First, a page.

An Invisible Touch

The news was met with dewy eyes and much contrition: a light went out forever as Phil Collins announced his retirement from music, starting with immediate effect. Like Leaded Petrol and Michael Barrymore, the Big PC has struggled to find a relevancy in the digital age; outmoded and irrelevant he has spent the past few years driving his massive yacht around Lake Geneva, polishing his head and counting his Nazi Gold, unable to recapture the greatness that gave the world such hits as the vaguely menacing ‘Billy, Don’t Loose That Number’, the haunting meditation on tramp banging ‘Another Day In Paradise’ and my personal favourite Su Su Sudio (in which our snatch-eyed protagonist atones for his inadequacies as a Father with some really shit hot flam work). Art-Rock Drum Twat turned reclusive millionaire Collins, who won the hearts of millions with his borderline rapey performance in Buster, has avowed to spend his pudding years building the worlds largest collection of memorabilia from The Alamo. As Littlejohn would scoff, you really couldn’t make it up.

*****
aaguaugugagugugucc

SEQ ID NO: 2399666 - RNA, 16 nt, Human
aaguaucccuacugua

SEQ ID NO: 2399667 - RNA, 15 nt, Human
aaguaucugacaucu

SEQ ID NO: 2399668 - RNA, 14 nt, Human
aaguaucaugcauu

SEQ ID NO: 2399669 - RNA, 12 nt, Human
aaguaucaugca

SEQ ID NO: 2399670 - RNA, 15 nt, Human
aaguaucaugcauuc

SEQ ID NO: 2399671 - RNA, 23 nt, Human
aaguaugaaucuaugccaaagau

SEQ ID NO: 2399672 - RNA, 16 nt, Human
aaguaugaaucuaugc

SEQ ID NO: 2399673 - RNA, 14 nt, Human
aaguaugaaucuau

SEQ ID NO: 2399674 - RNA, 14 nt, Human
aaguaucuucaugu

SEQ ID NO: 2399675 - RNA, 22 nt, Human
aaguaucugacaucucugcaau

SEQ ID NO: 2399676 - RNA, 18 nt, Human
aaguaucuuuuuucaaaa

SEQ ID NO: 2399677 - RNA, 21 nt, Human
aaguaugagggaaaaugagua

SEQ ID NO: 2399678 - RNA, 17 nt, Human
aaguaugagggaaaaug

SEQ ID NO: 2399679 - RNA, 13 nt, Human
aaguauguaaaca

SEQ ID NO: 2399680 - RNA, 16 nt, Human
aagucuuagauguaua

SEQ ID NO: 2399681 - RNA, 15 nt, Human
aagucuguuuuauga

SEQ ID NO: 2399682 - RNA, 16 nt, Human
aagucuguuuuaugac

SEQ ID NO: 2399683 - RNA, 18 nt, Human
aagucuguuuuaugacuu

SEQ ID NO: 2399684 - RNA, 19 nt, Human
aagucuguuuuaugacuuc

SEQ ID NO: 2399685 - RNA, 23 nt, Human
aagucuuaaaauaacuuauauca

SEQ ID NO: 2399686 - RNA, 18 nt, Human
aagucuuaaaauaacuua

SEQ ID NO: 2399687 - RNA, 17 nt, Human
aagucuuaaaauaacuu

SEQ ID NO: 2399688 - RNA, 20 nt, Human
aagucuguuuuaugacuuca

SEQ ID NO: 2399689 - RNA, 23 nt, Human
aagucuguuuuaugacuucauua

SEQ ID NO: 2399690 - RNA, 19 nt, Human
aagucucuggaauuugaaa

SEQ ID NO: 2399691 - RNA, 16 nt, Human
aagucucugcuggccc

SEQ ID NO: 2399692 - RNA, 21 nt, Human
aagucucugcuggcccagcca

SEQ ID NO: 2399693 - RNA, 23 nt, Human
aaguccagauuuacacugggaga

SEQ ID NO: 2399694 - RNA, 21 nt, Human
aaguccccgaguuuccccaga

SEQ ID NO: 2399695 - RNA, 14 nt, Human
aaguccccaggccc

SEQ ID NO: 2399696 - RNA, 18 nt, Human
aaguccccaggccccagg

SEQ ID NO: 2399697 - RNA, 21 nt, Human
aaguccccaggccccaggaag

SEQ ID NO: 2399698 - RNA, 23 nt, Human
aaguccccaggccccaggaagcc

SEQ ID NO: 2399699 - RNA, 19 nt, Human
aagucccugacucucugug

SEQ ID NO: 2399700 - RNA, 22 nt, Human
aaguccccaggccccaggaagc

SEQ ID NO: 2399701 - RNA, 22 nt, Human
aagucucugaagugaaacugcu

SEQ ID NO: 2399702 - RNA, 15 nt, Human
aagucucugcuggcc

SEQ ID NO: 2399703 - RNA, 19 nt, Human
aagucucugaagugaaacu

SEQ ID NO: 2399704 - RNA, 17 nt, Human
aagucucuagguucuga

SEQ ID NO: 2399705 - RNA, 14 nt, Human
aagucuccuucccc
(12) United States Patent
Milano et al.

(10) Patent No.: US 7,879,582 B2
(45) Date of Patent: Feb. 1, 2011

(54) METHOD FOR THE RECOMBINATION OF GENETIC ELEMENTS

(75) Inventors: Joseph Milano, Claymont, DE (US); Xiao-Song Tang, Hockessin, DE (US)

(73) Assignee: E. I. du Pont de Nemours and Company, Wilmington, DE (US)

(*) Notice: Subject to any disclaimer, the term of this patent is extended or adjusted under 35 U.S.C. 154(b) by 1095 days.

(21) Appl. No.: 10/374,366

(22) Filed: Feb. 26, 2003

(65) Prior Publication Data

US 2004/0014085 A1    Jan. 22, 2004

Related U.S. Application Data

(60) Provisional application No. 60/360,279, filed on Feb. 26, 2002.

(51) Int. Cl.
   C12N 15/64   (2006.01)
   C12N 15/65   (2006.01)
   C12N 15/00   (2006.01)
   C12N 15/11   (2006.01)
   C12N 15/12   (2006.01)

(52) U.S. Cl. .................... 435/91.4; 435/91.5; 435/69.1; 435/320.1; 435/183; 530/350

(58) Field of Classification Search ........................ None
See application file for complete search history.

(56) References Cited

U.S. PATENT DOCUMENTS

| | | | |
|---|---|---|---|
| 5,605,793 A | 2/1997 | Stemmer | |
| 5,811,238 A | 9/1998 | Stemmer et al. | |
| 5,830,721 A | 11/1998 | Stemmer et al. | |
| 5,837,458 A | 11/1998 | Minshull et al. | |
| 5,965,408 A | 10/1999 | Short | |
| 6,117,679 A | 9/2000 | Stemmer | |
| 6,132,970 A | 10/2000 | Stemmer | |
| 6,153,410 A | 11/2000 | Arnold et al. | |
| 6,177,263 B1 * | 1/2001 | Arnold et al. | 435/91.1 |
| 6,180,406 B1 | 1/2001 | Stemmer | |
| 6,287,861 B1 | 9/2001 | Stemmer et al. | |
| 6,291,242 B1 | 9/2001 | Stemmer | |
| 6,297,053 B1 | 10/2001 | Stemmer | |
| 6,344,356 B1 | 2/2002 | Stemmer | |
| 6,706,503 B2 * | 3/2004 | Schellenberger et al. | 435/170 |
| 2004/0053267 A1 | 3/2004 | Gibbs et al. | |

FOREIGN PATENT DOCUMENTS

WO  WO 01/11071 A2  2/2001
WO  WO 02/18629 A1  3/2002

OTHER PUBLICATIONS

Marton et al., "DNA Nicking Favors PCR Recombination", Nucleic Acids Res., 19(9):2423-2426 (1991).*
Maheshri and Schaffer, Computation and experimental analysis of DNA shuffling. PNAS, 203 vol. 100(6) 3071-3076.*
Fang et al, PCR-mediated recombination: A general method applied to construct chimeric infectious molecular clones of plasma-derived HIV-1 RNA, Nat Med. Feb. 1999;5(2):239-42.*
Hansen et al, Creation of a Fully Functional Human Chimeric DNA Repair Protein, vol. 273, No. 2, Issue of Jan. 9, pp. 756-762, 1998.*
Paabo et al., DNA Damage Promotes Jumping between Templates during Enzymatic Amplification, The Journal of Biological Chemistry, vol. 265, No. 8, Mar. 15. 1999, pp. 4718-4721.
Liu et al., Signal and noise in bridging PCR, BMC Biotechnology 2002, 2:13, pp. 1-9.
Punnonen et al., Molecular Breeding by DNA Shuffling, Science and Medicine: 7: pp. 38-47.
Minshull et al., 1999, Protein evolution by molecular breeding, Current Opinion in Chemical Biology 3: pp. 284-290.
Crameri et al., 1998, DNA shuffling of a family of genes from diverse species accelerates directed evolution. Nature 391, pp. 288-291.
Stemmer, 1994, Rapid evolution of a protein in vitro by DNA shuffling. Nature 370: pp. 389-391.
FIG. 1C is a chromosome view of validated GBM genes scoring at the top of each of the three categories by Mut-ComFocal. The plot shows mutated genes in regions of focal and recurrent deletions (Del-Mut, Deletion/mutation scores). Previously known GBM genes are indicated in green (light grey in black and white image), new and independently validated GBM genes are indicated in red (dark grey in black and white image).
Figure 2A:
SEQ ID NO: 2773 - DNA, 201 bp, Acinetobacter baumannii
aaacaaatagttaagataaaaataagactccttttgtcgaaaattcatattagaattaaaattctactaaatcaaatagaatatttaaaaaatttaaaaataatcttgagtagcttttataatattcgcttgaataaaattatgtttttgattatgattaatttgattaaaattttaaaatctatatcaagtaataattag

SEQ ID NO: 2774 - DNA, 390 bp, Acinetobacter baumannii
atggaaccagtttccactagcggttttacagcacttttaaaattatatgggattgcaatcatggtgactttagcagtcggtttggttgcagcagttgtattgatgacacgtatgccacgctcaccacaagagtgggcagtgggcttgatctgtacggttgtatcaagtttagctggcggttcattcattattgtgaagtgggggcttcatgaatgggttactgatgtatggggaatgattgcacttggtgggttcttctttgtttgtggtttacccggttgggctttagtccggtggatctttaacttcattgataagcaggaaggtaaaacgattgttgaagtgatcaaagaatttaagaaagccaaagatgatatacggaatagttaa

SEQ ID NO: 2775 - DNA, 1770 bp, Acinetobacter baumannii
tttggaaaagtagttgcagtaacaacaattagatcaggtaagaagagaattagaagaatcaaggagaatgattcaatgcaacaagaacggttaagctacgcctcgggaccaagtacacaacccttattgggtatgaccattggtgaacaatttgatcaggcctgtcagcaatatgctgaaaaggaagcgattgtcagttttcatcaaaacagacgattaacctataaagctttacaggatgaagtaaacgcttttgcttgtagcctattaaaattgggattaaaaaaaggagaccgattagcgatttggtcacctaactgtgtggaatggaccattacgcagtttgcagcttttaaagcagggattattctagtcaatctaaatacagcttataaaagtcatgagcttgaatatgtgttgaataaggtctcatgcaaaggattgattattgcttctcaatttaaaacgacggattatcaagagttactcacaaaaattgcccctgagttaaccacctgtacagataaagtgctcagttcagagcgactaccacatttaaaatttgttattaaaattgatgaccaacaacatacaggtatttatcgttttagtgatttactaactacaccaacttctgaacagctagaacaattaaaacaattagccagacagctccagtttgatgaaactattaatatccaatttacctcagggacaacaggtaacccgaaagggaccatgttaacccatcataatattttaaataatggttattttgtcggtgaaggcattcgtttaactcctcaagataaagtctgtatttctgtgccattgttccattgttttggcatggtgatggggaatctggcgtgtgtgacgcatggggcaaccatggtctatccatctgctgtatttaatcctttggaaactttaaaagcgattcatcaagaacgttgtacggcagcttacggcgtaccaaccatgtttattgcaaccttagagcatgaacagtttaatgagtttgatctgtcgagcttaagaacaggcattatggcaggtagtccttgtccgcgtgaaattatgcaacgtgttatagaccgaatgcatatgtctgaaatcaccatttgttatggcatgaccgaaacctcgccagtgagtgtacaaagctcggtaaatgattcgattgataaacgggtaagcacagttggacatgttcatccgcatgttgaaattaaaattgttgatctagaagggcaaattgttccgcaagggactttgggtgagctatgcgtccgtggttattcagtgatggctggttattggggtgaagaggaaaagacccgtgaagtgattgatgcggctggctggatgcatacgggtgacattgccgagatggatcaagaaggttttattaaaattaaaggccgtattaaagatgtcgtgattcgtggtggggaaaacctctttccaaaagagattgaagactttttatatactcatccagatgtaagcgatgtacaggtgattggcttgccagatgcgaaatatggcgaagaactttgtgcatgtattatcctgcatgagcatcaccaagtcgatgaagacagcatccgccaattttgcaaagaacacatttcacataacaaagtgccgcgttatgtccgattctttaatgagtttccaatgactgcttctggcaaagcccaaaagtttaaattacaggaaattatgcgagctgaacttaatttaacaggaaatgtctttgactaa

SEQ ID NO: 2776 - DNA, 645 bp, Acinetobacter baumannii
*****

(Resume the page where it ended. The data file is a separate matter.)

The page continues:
As sad as the news may have been, it wasn’t going to stop me from living La Vida Russy with a Bank Holiday on the horizon, so with best brogue forward I wiped my peepers and took myself uptown to watch a band and nurse a scoop or two of the black stuff. Quite fortuitously I ended up at the Scruffy Bird night at The Star of Bethnal Green, the musical distraction laid on courtesy of The Invisible.

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